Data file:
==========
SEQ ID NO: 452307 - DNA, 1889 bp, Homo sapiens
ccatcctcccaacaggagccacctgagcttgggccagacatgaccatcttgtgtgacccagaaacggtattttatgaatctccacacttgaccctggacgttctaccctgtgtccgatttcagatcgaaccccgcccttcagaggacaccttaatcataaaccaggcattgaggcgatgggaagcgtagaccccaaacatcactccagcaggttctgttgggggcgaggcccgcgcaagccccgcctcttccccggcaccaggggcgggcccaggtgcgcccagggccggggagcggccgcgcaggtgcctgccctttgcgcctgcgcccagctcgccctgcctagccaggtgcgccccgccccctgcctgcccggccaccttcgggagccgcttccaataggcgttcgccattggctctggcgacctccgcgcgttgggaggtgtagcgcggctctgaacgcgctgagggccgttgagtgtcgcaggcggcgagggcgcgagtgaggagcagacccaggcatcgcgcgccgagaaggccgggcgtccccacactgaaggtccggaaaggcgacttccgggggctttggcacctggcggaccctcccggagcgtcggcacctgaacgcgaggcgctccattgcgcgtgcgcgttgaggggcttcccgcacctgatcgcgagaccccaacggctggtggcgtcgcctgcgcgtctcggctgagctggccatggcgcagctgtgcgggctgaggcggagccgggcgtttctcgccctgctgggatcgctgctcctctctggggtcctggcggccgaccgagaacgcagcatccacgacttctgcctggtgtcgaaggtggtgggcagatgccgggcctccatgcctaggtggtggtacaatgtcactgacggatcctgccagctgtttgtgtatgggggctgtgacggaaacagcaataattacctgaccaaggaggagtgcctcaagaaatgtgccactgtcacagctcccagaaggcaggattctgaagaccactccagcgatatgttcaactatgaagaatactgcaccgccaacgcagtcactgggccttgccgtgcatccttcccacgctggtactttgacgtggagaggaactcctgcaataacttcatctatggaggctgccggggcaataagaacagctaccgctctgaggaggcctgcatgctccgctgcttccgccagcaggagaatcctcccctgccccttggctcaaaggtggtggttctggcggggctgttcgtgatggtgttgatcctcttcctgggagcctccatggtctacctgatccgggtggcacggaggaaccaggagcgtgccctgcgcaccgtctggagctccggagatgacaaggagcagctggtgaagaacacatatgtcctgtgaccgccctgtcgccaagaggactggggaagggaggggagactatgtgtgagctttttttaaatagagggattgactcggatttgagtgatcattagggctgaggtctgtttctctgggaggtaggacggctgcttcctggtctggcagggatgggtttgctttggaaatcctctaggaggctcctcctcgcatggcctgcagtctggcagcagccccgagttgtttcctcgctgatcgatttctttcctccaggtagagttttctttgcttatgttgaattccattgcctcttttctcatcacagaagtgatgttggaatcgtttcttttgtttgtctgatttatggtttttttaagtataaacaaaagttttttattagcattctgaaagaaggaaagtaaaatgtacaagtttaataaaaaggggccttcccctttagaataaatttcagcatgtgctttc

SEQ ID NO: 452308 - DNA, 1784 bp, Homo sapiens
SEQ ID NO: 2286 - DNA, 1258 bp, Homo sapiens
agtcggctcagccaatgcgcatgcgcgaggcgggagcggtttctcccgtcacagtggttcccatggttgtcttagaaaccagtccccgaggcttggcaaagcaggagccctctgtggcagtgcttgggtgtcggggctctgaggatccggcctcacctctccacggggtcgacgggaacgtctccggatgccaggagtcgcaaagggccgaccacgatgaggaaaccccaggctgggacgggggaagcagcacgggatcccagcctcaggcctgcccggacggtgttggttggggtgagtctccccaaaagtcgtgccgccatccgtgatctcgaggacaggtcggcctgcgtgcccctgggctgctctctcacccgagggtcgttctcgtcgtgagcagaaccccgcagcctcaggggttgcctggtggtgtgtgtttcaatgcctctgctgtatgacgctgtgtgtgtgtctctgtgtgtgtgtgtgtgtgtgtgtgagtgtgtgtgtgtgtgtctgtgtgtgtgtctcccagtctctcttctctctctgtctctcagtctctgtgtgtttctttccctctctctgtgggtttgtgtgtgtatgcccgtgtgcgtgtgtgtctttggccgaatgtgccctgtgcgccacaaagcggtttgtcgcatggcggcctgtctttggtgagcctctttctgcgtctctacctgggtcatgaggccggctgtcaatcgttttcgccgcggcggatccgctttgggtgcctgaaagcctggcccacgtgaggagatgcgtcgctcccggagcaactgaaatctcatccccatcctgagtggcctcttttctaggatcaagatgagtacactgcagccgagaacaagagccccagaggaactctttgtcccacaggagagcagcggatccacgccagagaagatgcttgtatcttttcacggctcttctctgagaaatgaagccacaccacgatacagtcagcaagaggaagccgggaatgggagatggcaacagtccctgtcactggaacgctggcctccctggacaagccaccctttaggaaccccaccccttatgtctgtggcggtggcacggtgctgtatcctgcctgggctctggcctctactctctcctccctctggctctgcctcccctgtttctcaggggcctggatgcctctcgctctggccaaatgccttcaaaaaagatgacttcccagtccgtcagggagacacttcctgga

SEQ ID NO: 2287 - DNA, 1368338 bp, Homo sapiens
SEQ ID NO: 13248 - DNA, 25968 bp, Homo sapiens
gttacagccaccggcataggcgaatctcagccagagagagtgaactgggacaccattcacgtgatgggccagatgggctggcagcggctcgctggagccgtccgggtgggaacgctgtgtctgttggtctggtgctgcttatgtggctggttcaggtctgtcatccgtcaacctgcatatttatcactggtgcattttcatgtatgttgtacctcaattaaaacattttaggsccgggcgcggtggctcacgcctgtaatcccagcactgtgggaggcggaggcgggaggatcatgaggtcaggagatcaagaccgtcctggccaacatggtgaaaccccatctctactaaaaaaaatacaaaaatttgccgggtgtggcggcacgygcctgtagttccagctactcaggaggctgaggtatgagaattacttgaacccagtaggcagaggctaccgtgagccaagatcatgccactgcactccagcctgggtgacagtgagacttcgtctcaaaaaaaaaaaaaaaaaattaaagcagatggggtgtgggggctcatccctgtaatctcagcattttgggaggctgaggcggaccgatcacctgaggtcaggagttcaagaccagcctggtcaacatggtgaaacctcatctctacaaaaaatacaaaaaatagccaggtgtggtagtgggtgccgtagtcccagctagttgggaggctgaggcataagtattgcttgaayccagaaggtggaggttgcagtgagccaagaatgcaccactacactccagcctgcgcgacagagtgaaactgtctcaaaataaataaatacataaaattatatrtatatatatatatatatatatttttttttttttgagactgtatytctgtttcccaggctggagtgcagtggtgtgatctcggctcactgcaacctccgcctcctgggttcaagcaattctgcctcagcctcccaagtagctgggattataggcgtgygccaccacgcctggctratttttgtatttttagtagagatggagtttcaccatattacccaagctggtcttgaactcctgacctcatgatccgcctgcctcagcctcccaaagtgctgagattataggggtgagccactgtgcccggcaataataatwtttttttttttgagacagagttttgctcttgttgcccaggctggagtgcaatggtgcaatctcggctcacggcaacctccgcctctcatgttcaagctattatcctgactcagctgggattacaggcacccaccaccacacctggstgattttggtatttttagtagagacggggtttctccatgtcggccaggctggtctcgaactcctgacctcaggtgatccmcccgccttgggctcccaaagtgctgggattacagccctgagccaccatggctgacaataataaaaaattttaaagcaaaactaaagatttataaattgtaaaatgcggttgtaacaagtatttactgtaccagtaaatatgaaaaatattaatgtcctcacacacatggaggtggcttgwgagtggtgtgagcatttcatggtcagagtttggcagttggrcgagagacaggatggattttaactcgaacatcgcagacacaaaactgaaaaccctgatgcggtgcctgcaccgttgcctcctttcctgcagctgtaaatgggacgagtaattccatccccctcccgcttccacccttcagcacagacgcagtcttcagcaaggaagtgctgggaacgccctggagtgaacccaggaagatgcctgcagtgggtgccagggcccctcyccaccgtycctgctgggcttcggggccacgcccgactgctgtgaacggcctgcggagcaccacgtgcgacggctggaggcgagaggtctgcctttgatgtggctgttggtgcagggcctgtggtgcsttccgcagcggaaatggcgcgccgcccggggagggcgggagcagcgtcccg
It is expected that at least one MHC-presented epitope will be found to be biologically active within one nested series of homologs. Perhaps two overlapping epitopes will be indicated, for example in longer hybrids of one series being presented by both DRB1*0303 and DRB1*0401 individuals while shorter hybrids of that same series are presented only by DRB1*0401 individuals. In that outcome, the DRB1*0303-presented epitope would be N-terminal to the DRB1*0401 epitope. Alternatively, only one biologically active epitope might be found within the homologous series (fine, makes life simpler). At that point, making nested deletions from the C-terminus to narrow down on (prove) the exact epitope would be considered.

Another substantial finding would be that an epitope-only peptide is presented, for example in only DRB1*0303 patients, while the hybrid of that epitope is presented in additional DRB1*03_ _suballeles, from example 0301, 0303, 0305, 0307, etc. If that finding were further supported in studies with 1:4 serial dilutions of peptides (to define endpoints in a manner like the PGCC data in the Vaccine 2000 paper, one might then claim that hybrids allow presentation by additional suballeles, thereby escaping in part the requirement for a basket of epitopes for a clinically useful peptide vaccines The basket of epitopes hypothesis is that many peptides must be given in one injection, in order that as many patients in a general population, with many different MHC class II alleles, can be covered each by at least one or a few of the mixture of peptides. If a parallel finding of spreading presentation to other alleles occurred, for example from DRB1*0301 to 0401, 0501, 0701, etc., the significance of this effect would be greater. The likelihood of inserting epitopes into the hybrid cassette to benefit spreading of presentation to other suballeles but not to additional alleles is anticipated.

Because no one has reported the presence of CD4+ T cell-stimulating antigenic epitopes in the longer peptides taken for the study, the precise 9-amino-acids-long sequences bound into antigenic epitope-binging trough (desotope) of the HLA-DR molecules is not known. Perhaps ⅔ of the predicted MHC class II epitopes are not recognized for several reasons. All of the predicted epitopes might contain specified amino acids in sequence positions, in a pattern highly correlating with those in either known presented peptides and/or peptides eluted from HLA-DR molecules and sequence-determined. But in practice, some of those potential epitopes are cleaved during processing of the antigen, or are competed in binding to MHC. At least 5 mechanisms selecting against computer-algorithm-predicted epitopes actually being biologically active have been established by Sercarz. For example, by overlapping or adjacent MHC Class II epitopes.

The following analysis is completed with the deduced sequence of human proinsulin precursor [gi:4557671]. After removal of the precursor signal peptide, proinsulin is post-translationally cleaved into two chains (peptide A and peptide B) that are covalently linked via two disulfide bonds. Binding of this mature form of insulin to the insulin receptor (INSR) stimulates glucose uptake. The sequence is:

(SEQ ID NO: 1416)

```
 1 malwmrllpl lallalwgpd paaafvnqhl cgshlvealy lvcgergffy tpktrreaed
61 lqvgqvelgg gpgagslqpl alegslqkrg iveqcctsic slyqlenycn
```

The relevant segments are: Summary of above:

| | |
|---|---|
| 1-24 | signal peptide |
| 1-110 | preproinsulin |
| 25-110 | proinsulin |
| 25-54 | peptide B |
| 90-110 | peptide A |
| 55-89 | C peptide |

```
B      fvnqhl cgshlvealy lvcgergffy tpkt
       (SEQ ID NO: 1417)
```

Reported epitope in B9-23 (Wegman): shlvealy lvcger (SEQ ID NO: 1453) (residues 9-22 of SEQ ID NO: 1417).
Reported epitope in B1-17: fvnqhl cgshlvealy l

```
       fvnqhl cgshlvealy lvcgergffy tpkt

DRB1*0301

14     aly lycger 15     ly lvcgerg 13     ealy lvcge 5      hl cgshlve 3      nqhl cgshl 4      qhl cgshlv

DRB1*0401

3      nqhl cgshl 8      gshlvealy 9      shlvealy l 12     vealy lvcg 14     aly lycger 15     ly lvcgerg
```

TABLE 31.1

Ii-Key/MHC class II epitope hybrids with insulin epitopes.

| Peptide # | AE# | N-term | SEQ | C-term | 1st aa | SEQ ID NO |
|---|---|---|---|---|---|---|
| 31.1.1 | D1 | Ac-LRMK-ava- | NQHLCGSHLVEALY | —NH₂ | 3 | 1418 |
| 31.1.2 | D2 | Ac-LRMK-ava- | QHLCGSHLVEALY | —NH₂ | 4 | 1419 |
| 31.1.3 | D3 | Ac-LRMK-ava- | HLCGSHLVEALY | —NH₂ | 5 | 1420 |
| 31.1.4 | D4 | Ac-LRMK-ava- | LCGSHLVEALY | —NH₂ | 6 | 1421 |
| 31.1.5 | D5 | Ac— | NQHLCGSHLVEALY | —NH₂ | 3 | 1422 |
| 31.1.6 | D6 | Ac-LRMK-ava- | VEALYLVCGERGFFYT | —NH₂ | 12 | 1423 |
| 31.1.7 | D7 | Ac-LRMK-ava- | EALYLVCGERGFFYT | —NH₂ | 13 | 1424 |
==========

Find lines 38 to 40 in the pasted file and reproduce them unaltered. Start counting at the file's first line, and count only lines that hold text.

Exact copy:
3      nqhl cgshl 8      gshlvealy 9      shlvealy l 12     vealy lvcg 14     aly lycger 15     ly lvcgerg
```

TABLE 31.1